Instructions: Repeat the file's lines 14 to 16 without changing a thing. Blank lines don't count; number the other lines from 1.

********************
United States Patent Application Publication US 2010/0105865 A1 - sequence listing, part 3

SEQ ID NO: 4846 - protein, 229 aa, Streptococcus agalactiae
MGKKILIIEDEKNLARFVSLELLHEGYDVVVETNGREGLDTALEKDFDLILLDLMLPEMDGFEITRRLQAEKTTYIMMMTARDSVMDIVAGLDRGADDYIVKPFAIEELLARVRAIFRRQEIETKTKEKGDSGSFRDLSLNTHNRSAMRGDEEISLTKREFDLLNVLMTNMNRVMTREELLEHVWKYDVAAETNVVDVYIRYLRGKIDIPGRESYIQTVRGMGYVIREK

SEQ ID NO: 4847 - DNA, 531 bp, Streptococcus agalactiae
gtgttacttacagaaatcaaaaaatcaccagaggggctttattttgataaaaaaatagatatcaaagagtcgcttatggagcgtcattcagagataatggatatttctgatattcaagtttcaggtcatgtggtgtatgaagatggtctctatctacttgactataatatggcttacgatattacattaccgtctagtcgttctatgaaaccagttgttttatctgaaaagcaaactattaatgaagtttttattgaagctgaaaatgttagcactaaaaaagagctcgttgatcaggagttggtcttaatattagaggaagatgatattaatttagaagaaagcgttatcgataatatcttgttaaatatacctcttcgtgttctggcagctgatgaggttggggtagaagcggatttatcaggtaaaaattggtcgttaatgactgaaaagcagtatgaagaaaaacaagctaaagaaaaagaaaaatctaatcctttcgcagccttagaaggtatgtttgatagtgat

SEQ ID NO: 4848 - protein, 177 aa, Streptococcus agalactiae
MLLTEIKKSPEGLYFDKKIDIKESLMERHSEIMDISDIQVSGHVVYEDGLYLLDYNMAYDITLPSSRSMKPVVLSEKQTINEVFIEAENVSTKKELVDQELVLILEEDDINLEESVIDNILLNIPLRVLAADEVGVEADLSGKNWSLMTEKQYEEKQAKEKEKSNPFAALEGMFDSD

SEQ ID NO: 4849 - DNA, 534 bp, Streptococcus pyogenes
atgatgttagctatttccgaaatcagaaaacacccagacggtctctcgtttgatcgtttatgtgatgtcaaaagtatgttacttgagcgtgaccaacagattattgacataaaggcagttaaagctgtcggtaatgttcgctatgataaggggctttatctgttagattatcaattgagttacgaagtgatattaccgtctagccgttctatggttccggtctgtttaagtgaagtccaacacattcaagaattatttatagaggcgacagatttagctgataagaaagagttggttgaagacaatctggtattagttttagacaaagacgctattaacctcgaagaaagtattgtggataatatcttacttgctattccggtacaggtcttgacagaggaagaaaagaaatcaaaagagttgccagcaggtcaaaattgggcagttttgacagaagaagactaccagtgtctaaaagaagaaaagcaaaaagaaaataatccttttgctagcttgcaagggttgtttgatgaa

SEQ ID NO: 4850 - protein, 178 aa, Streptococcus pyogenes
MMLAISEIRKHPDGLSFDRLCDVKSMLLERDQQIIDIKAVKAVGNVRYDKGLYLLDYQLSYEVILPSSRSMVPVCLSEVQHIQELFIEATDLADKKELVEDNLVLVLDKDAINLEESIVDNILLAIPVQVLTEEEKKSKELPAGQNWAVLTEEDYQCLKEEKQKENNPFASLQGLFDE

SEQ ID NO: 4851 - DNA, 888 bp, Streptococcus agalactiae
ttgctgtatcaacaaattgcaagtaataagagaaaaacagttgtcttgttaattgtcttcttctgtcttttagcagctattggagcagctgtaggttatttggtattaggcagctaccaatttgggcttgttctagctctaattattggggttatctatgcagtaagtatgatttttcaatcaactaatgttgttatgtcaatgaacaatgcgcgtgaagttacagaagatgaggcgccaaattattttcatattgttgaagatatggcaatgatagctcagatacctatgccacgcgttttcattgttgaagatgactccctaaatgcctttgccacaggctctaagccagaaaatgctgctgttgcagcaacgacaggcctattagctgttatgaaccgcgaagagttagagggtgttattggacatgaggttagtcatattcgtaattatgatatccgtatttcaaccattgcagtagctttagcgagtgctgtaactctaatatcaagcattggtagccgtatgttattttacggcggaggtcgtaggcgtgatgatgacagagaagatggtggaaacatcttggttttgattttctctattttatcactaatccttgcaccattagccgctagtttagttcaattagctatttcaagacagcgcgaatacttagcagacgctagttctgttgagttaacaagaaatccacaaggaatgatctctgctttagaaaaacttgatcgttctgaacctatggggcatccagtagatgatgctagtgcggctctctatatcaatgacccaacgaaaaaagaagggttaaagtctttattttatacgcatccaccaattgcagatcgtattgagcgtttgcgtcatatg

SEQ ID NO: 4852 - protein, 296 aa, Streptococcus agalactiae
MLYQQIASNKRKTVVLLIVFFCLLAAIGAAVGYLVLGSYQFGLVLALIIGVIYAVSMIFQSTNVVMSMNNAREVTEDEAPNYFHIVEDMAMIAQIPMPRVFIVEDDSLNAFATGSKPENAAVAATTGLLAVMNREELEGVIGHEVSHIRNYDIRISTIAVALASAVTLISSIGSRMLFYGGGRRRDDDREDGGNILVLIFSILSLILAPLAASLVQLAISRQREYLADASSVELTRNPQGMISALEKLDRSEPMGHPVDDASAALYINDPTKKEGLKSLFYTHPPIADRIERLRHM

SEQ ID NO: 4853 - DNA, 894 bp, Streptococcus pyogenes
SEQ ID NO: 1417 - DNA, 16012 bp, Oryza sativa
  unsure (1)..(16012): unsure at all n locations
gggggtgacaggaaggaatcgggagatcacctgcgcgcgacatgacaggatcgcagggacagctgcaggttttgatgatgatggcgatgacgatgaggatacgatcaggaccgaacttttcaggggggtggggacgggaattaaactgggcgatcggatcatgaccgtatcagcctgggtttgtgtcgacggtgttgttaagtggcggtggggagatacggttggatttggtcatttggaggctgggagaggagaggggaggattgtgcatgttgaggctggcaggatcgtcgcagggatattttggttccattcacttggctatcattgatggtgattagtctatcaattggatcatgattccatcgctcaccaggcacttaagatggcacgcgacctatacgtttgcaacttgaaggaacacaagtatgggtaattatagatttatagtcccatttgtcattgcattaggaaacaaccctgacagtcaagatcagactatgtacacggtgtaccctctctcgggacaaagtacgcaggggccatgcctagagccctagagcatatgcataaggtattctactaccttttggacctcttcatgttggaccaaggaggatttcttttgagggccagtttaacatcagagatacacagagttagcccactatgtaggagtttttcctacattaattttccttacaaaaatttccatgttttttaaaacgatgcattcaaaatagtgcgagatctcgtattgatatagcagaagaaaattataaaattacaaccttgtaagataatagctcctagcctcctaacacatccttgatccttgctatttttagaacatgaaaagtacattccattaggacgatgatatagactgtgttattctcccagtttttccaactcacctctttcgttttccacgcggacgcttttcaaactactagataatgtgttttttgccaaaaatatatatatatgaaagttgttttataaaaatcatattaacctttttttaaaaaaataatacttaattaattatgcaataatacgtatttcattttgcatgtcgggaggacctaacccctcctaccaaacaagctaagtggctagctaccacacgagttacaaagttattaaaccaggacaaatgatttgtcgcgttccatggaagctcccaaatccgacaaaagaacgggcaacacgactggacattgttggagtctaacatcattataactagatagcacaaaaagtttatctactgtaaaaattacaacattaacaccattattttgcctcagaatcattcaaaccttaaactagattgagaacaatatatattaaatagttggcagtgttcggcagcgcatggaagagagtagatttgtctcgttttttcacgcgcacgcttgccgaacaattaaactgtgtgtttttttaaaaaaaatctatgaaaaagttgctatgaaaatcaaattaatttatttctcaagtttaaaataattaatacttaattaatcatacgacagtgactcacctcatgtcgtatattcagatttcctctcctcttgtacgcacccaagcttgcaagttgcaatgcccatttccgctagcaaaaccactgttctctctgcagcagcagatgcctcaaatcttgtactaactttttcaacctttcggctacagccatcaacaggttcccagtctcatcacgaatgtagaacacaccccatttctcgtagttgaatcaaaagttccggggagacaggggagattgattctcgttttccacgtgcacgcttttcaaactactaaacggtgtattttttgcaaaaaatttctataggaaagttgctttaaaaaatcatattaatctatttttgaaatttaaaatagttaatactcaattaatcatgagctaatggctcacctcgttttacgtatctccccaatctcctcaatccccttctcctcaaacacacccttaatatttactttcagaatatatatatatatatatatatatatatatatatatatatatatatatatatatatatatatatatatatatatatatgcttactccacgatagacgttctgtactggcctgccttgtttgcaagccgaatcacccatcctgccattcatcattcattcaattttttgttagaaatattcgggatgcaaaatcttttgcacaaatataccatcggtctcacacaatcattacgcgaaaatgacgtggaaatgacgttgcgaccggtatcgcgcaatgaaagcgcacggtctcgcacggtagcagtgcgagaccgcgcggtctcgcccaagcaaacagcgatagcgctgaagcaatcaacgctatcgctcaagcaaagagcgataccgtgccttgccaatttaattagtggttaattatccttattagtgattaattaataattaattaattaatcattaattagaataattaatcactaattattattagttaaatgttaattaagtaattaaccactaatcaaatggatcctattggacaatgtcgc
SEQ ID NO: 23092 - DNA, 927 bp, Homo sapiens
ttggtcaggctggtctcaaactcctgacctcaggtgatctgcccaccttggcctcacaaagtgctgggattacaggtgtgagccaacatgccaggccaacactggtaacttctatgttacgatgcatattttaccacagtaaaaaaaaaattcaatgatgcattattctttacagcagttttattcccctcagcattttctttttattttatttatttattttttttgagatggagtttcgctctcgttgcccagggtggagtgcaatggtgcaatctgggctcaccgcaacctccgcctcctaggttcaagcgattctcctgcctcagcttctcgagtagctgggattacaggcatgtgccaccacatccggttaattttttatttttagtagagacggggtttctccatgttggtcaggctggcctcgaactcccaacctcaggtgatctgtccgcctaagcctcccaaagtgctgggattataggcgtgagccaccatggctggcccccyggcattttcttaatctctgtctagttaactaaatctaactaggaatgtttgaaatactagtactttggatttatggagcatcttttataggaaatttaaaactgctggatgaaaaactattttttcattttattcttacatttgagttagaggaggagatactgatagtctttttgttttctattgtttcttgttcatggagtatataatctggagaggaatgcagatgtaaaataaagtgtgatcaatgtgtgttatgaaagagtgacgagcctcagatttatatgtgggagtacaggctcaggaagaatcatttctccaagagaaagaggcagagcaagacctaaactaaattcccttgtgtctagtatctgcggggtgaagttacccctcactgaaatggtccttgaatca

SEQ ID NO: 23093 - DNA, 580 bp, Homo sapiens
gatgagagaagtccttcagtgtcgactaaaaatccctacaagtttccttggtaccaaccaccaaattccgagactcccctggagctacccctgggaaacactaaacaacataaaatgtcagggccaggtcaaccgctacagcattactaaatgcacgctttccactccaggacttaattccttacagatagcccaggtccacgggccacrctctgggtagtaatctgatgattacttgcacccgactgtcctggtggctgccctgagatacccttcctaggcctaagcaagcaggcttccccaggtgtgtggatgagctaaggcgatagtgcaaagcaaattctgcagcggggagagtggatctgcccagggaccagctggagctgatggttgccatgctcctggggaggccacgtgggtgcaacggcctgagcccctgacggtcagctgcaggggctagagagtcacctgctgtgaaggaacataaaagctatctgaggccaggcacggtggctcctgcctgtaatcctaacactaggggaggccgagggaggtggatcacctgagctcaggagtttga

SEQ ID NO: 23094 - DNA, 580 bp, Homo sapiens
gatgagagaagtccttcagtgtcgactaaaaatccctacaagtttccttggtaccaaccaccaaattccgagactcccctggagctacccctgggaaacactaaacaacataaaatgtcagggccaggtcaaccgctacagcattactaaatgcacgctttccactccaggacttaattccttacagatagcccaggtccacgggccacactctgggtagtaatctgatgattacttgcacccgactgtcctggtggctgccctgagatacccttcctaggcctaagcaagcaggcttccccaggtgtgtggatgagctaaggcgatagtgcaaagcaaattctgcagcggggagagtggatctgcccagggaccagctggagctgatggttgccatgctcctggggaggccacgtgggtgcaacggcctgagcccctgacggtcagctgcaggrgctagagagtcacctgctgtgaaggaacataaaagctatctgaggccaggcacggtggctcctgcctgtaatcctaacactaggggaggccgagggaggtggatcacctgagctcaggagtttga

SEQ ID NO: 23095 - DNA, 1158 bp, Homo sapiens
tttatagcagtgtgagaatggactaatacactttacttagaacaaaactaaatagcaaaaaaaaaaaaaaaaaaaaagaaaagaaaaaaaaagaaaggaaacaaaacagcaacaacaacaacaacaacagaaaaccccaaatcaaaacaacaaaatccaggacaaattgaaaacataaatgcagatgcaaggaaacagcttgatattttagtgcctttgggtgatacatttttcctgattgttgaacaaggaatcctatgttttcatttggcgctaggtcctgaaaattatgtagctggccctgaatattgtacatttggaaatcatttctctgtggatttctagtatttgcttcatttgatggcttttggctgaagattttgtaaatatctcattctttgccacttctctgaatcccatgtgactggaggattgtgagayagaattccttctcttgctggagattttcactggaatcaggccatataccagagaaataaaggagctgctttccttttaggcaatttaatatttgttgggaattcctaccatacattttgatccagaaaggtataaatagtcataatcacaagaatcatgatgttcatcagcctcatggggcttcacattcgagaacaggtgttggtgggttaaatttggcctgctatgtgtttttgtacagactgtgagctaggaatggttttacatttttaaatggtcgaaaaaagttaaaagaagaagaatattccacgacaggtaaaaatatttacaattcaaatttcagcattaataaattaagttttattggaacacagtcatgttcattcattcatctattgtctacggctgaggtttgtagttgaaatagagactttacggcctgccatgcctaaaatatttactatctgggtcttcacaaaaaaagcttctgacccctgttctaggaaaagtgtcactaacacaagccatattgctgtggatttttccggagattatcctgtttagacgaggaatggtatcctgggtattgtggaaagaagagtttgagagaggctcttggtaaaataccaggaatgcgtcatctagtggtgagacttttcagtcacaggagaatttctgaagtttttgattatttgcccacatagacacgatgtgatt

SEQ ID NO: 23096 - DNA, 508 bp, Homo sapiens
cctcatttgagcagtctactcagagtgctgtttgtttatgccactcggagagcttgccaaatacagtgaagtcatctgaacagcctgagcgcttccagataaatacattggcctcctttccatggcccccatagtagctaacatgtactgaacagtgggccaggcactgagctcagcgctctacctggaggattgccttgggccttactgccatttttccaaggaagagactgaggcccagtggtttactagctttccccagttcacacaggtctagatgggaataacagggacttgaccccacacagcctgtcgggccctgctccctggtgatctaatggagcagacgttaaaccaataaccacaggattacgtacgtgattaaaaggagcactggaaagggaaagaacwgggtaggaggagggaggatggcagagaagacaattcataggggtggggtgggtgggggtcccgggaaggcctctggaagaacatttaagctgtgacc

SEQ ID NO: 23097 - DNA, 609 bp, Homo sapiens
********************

SEQ ID NO: 4852 - protein, 296 aa, Streptococcus agalactiae
MLYQQIASNKRKTVVLLIVFFCLLAAIGAAVGYLVLGSYQFGLVLALIIGVIYAVSMIFQSTNVVMSMNNAREVTEDEAPNYFHIVEDMAMIAQIPMPRVFIVEDDSLNAFATGSKPENAAVAATTGLLAVMNREELEGVIGHEVSHIRNYDIRISTIAVALASAVTLISSIGSRMLFYGGGRRRDDDREDGGNILVLIFSILSLILAPLAASLVQLAISRQREYLADASSVELTRNPQGMISALEKLDRSEPMGHPVDDASAALYINDPTKKEGLKSLFYTHPPIADRIERLRHM

SEQ ID NO: 4853 - DNA, 894 bp, Streptococcus pyogenes